Fine Gael Clare TD and member of the Oireachtas Committee on Employment Affairs and Social Protection has highlighted that figures published today (Wednesday) by the Central Statistics Office (CSO) indicate the monthly unemployment rate for May 2019 stands at 4.4%, the lowest rate since 2005.
“Today’s positive news from the CSO shows the monthly unemployment rate down to 4.4%, the lowest rate since 2005.
“This is down from 4.6% in April 2019 and down from 5.9% in May 2018. The number of persons unemployed was 108,200 in May 2019, down from 111,300 when compared to the April 2019 figure and a decrease of 33,200 when compared to May 2018.
“This is further positive news following on from the publication of the Labour Force Survey, Ireland’s key source of employment data, last month which indicated that:
- There were 2,316,100 people employed in Ireland in the first quarter of 2019, a 3.6% increase on the same quarter of 2018. This consistent growth is reflective of the success of the Government’s annual Action Plans for Jobs, and this momentum is now carried on through the Future Jobs Ireland framework.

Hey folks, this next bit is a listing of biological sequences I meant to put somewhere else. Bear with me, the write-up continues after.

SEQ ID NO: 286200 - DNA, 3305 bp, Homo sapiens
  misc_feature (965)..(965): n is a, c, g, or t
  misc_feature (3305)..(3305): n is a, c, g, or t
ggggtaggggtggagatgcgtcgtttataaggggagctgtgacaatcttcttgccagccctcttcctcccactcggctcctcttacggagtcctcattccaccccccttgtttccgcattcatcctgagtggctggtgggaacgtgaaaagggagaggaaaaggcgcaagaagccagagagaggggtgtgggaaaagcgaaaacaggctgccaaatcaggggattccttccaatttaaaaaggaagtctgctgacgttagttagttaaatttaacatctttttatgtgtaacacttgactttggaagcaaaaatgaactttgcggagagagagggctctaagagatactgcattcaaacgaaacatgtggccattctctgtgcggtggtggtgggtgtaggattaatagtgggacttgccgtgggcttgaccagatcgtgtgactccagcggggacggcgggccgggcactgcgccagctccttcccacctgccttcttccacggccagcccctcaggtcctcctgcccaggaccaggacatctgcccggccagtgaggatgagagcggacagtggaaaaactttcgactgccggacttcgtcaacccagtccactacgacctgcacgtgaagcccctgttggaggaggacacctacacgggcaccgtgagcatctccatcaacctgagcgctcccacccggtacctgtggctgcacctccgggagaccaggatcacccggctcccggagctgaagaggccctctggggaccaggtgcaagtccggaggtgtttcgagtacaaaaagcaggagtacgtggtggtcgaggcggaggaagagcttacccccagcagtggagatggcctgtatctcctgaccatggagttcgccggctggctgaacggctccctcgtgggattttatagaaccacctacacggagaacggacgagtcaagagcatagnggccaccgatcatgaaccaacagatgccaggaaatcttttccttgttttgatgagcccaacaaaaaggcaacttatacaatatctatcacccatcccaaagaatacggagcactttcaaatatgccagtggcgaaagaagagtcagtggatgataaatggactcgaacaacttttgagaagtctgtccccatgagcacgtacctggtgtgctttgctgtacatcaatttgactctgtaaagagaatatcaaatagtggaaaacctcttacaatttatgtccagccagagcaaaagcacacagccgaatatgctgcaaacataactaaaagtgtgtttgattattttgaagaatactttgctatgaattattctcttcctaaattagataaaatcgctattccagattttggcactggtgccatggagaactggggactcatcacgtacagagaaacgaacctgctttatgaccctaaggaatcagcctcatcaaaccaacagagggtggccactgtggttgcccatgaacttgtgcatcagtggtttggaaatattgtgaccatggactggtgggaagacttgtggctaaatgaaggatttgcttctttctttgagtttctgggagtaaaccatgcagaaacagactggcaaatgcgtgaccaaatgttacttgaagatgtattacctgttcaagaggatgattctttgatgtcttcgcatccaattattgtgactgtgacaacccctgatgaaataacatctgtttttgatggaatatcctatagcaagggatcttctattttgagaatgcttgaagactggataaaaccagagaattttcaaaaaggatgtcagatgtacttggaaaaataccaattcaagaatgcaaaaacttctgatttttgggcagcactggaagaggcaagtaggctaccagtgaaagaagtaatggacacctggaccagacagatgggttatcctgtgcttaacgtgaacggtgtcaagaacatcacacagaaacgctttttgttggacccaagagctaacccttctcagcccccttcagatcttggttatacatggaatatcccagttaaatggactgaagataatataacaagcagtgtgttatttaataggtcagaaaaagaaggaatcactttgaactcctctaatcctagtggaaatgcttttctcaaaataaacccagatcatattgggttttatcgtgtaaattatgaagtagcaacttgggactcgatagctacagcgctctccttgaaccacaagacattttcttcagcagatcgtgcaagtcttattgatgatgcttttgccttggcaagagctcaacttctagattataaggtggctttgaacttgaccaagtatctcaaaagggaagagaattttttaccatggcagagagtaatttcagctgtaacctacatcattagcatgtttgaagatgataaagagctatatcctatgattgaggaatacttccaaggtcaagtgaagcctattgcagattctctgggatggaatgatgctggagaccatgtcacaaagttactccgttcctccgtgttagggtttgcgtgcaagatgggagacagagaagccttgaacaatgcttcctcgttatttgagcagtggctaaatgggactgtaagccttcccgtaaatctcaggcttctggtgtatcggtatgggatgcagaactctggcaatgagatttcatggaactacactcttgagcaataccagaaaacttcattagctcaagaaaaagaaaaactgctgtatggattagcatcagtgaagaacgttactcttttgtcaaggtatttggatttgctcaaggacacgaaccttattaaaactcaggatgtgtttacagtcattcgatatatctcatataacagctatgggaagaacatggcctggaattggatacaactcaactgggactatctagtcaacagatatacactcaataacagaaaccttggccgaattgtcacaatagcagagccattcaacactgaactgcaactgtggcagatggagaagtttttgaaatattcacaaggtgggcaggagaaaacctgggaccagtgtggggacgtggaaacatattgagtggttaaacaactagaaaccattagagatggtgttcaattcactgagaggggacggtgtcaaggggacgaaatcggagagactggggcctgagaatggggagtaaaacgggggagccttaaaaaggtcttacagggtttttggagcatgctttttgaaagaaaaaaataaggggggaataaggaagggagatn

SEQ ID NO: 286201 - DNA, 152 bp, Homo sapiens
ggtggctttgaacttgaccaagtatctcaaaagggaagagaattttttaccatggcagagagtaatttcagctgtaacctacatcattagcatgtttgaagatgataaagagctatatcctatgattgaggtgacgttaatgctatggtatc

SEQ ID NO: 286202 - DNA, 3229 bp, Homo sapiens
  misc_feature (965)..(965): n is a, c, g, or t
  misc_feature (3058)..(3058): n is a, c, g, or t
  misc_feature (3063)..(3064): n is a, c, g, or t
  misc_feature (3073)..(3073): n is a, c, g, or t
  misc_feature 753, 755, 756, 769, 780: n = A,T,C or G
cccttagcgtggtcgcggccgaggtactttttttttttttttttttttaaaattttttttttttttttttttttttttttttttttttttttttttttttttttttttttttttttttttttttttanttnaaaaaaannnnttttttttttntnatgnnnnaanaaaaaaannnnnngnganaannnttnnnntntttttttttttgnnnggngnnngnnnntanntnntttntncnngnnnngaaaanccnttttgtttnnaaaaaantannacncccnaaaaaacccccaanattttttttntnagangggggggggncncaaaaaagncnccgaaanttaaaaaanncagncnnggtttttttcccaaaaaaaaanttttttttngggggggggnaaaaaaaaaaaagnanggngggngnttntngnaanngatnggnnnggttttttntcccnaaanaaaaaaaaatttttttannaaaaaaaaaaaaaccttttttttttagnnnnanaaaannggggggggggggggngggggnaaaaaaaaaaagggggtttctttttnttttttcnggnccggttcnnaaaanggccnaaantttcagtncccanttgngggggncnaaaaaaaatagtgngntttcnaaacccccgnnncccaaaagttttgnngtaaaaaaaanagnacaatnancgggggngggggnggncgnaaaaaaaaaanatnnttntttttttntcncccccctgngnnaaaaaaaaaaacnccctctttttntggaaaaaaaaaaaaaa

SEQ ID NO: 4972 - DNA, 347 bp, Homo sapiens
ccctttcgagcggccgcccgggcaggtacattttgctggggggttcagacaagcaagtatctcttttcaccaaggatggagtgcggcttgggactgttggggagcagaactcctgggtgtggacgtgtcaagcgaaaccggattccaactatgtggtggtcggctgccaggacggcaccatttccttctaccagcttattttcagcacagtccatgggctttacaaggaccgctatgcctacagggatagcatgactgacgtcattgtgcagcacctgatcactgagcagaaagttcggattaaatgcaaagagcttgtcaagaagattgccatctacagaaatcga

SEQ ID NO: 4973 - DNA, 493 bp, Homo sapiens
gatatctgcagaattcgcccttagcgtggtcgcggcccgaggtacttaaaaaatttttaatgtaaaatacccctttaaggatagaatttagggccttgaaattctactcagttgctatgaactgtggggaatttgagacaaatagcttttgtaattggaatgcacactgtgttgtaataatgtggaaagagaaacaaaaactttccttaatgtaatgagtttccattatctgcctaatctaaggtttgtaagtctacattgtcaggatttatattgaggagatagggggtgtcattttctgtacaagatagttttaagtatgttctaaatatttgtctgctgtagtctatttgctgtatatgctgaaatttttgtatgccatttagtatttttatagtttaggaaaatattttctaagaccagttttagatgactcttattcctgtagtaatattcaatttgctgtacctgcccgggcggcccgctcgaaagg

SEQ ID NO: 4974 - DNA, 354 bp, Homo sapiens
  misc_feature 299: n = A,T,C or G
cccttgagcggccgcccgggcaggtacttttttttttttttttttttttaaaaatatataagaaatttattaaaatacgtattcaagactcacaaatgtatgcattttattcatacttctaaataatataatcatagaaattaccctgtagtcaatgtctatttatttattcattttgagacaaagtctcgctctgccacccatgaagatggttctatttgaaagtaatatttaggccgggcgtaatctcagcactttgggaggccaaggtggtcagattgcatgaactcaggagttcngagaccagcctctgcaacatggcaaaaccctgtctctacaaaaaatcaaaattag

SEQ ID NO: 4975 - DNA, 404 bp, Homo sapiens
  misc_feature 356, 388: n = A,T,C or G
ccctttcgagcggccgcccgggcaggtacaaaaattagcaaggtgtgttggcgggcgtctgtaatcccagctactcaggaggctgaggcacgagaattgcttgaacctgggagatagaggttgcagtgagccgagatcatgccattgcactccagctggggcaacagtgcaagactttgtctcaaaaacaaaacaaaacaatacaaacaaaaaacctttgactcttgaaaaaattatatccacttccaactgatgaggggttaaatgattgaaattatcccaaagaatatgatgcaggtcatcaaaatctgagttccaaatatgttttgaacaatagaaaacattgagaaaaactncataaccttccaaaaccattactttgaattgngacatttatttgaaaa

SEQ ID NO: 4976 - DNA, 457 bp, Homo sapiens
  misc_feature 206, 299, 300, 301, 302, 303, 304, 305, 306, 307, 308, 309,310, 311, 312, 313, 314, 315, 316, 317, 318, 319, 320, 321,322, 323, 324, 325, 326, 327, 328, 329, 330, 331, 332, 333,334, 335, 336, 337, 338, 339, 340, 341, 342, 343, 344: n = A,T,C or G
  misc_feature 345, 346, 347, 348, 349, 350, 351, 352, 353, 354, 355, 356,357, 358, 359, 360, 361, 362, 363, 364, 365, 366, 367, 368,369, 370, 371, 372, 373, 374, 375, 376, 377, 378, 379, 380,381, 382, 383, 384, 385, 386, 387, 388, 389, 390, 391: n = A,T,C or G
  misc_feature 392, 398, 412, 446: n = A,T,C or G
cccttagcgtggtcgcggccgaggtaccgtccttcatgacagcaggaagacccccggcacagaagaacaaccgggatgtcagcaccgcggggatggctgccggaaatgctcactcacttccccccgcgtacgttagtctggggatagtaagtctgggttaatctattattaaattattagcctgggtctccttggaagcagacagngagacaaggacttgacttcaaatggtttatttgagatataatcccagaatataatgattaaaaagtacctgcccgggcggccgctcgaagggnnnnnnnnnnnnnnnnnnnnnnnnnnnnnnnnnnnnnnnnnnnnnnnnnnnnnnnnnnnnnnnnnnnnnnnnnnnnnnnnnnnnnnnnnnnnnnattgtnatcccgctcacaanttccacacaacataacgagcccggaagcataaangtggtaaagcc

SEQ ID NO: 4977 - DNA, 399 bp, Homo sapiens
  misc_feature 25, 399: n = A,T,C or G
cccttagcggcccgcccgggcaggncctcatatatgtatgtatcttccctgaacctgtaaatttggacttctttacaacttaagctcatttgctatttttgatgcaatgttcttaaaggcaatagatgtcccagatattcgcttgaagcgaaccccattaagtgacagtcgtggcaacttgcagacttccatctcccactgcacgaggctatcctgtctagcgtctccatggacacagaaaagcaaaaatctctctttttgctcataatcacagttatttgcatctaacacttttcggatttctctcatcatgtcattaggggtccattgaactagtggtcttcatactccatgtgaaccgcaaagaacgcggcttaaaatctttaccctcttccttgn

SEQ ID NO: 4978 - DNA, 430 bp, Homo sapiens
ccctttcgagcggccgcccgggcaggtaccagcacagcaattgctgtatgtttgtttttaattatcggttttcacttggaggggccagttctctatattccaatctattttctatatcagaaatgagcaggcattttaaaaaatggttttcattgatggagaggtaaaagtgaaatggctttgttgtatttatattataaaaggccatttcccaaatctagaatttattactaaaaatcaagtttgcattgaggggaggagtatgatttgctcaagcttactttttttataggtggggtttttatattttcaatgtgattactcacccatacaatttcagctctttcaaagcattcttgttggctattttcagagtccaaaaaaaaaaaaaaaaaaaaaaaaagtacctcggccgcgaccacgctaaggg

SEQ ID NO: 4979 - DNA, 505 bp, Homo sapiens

- 221,100 new jobs created since the start of 2016, we have well exceeded our target of 200,000 new jobs by 2020. Furthermore, our regional goal of 135,000 jobs has also been surpassed with 150,000 jobs created outside Dublin as of Q1 2019. On average, over 1,500 new jobs were created every week in Ireland over the last 12 months.
“During Fianna Fáil’s last term in Government, 330,000 jobs were lost, emigration soared and our economy shrunk by 8% between 2007 and 2010.
“At a time of strong economic growth and almost full employment, it would be easy to become complacent – something that happened during the boom years. Fine Gael is determined to make sure that this doesn’t happen again however. That is why we are preparing now for tomorrow’s world.
“Future Jobs Ireland 2019 is the first in a series of annual reports as part of this new medium-term framework. The commitments in the report will support continued employment growth across Ireland and further reductions in unemployment. Among other issues, it addresses challenges to participation in the labour force. Actions include developing and implementing tailored activation and training supports and generating attractive employment opportunities such as smart working arrangements.
“We are also delivering ‘Project Ireland 2040’ which will ensure sustainable growth over the next 20 years for all parts of Ireland.
“It combines our plan for how Ireland will grow over the next 20 years and is backed up by a €116 billion 10 year capital plan. This will mean that for the first time in Ireland’s history we will ensure that our planning and capital investment plans are meaningfully aligned; the money follows the plan.
“It will ensure that there is a more effective balance of growth across our country, with the intention that all the regions grow at broadly comparable rates,” Deputy Carey concluded.